More couples turn to DNA tests in Shenzhen
Tears welled up in Mr. Zhang's eyes as he collapsed on a sofa, holding the results of a DNA test that said his 5-year-old son was fathered by another man.
Zhang, a pudgy man with a crew cut, was one of the latest customers of a growing business in China, where more men are paying to prove their children's identities. He declined to give his full name.
DNA testing is becoming popular because more can afford it and extramarital affairs are rising in China's rapidly developing society, said Wang Shayan, the director at the DNA clinic at Shenzhen People's Hospital, where Zhang got his results.
"My heart aches," Zhang moaned as he sat, seemingly dazed, at the DNA-testing clinic in Shenzhen, a Chinese boomtown just across the border from Hong Kong. "I can't hold this report in my hand. It's a great shame to our family. I can't face it."
There are three authorized DNA testing clinics in this city of 12 million people. One has a giant billboard ad that shows a woman and child and reads, "DNA parentage testing center confirms your identity."
The aggressive marketing has apparently worked, with business taking off since the second half of 2004, said Zhang Baohua, manager of the Guangdong Taitai DNA clinic _ the first private center set up in China after the government let commercial companies enter the business in 2002.
Zhang said about 250 families have taken the tests so far this year, compared to 100 for the same period in 2004.
"More people have become aware of the test," he said. "Some have had their doubts for years, and had no means of resolving them. Now, they have found a solution."
The walls at Wang's clinic _ once a daycare center _ are still painted with piglets and ducks.
She said the clinic has conducted paternity tests for 158 couples in the first five months this year, up 28 percent over the same period last year.
Many are husbands who suspect their wives have betrayed them, Wang said. They pay a hefty price for the truth; tests for a couple and a child cost 3,900 yuan (US$471) in a city where office workers earn an average monthly salary of 4,000 yuan (US$483) to 6,000 yuan (US$725).
Numerous migrant workers in Shenzhen are also having tests to get their children permits to live in this prosperous area, said Wu Guoguang, director of Shenzhen's first paternity test center, the Shenguang Forensic Authentication Institute.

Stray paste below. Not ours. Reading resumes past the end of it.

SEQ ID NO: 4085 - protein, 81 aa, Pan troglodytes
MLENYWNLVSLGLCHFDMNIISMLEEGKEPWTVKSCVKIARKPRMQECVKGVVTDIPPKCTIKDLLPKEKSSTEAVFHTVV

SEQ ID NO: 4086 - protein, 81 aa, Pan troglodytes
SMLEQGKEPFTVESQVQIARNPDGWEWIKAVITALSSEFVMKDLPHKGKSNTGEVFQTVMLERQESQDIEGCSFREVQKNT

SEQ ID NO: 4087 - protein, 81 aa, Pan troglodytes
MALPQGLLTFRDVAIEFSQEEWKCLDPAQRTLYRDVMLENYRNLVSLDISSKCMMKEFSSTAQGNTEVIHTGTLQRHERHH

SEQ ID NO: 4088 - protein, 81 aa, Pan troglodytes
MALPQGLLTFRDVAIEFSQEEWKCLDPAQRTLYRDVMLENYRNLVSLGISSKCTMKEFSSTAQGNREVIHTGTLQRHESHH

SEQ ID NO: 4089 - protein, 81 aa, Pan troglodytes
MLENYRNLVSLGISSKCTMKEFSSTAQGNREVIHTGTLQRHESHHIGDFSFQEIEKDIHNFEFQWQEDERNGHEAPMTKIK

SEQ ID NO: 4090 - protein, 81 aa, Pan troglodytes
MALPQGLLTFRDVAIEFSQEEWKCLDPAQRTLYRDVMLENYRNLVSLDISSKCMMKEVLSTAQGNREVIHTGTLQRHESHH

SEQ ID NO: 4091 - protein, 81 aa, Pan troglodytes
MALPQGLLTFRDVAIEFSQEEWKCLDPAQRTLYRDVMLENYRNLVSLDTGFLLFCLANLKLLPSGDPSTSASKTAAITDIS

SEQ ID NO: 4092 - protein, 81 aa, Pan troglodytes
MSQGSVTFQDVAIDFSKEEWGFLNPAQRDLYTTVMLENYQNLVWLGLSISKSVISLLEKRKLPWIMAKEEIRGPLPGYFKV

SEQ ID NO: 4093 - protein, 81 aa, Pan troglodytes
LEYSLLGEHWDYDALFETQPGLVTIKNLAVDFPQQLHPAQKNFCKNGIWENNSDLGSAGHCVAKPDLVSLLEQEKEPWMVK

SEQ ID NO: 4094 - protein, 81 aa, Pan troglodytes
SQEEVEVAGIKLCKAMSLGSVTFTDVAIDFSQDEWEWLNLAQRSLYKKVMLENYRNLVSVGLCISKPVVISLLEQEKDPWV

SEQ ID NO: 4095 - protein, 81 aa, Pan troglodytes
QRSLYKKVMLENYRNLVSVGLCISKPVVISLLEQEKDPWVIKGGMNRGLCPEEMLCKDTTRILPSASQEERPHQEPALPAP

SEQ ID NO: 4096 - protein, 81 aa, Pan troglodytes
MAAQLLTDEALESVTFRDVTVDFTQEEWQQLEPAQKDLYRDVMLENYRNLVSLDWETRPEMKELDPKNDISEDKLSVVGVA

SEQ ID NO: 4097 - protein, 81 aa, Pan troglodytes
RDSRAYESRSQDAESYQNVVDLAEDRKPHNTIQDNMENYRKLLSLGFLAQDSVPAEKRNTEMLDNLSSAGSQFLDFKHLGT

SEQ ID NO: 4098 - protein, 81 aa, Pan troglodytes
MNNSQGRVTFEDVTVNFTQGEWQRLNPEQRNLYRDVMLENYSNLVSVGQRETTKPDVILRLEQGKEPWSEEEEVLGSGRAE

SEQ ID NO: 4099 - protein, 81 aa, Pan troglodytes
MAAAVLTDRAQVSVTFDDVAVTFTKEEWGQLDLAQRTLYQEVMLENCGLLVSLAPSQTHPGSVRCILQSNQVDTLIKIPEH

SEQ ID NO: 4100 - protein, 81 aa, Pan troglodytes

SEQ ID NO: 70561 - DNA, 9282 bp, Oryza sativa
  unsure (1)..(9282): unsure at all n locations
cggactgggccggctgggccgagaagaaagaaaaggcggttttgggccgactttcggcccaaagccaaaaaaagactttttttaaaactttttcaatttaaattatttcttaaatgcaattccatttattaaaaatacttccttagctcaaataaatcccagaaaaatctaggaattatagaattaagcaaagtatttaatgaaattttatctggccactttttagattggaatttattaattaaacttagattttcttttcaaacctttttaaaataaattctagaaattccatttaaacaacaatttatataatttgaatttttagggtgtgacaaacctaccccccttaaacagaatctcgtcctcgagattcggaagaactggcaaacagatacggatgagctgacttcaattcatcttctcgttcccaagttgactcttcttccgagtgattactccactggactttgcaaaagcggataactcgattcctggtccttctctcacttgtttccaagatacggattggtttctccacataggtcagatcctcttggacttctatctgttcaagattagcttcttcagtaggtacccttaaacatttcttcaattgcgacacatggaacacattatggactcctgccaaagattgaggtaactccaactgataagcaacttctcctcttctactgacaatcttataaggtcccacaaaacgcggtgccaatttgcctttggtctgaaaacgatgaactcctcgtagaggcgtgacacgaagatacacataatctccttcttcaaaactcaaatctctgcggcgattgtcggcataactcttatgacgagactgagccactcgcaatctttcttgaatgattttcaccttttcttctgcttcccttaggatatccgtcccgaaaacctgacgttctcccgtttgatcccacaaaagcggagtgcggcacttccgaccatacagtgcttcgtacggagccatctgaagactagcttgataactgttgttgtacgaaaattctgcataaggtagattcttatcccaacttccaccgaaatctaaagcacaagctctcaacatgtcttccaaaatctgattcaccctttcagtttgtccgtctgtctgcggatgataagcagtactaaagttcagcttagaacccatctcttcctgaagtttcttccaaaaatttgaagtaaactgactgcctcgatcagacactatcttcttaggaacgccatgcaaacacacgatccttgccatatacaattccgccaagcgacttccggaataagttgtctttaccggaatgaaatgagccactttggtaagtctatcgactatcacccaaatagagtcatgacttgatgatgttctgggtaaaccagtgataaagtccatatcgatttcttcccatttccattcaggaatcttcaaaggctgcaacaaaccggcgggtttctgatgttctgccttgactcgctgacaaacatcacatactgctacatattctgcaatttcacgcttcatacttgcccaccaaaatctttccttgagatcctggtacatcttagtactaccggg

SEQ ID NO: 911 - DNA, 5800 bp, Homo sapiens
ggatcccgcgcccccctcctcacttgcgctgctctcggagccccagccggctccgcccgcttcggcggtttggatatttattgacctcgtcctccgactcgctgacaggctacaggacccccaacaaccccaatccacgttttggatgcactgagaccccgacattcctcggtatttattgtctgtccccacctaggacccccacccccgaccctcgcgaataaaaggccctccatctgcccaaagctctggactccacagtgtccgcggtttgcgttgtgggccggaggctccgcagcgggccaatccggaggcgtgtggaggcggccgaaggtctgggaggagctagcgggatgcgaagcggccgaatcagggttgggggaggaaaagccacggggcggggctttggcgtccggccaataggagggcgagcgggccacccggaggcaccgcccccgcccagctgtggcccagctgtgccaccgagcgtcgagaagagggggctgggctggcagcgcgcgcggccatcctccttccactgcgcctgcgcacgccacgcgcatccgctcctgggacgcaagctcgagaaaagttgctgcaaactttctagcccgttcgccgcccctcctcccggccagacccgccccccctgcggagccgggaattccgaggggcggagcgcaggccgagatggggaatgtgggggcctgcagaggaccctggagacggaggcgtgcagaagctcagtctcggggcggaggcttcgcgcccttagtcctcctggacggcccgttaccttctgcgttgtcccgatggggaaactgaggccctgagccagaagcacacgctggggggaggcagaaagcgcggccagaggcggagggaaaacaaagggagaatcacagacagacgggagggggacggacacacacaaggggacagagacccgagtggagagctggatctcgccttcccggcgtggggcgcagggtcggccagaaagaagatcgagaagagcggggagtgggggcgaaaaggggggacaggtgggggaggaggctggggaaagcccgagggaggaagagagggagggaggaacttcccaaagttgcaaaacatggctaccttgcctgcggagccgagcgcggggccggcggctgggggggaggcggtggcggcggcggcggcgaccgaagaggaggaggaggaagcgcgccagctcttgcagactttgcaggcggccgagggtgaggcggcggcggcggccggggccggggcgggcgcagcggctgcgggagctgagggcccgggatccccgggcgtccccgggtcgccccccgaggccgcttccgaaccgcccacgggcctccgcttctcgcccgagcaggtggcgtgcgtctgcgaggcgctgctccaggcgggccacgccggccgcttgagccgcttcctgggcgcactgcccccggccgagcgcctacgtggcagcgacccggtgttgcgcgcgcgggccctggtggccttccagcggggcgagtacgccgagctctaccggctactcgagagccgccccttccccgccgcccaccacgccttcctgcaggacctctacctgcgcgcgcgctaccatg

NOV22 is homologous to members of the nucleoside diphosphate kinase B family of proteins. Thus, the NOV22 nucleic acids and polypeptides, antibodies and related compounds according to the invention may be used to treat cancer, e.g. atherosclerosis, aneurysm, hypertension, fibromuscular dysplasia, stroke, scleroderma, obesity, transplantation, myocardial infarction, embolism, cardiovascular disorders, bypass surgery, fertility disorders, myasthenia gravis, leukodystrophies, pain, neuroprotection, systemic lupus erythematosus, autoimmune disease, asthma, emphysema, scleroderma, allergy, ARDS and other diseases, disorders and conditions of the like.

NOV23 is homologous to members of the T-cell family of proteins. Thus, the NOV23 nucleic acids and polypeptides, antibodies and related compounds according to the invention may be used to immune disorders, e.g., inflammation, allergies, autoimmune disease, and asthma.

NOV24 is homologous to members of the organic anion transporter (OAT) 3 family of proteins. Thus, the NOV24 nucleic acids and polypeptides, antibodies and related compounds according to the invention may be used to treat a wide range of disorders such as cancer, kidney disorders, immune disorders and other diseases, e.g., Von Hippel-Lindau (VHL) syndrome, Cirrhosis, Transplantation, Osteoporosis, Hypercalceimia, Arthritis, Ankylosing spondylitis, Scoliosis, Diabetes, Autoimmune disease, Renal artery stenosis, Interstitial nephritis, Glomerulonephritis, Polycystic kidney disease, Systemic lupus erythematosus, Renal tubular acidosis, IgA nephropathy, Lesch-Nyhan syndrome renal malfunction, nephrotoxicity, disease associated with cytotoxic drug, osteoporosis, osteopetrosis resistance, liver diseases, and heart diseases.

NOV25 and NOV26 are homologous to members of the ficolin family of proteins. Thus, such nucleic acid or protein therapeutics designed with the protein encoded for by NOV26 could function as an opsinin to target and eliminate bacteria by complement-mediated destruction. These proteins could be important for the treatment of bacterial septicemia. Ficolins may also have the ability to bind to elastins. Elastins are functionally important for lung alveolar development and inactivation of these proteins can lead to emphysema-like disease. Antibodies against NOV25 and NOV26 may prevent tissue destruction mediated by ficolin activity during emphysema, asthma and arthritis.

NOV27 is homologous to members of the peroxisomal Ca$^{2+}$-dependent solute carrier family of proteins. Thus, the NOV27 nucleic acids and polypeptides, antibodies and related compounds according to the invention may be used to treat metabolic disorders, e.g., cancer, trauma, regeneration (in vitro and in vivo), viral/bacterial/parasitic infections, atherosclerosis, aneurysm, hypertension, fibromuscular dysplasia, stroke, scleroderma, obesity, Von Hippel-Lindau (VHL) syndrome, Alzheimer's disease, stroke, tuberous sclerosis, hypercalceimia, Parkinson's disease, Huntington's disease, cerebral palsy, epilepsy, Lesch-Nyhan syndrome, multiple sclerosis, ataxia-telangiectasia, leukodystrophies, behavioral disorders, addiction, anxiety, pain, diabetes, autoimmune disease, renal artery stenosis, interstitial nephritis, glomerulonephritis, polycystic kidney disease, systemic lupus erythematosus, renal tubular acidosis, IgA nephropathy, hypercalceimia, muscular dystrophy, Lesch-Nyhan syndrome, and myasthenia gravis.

Authorities require the test to prove parent-child blood ties, he said. Birth certificates are often forged.
Shenzhen was a pioneer in DNA paternity test service in China. The clinics first became popular with customers from neighboring Hong Kong.
Many affluent Hong Kong men have either married mainland Chinese women, or kept them as mistresses in parts of Shenzhen dubbed "second wives' villages." Many of the mistresses have borne the men's children.
But with Hong Kong's economy in the doldrums in recent years, money has not flowed as freely as before into the mistresses' hands. Some cash-strapped women have juggled several patrons, while others simply had affairs as their relationships soured with their Hong Kong providers.
Wang said about 21 percent of her clients are now Hong Kongers _ many of whom suspect their mainland mistresses are fooling around. Another 12 percent are Taiwanese.
Jealous men initiate most of the cases. But some mistresses with several patrons also seek help to determine who is the real father of their children.
If the father is wealthy, the mistress often gets a bigger apartment or pricier car, Wang said.
Many Hong Kong fathers use the tests to fulfill immigration requirements for getting Hong Kong residency rights for their mainland-born children, Wu said.
An 80-year-old Hong Kong man, who only gave his surname, Ng, is one of them. At the clinic, his 3-year-old daughter wails as a worker draws blood from her arm. His 6-year-old son is also there for a test. Both children were borne by his mainland mistress.
"Their mother died in a car accident, and I want to bring them to Hong Kong," Ng says.
Several medical workers busily analyze dozens of blood samples in the clinic's laboratories. Wu's 12-member team conducts paternity tests for about 300 families a year.
Results usually come in two to three days, but the tests are repeated several times to ensure accuracy, Wu said.
A medical worker at Wu's clinic, Cheng Lianghong, said many paternity conflicts stem from misunderstanding.
Some fathers are suspicious because they think their children don't resemble them, he said.
However, "almost in nine out of 10 cases, the suspicion turns out to be false," he said.
He said their clinic tries to persuade couples to avoid the tests whenever possible.
"Whenever there are humans involved, there is a chance of making mistakes," Cheng said. "The process will leave a negative impact on the child being tested, and a false result will be devastating to a family."
But Wu said the tests shouldn't be blamed for broken relationships.
"You can't say a paternity test is good or bad," Wu said. "It is simply a scientific tool that is bound to emerge in a modern society."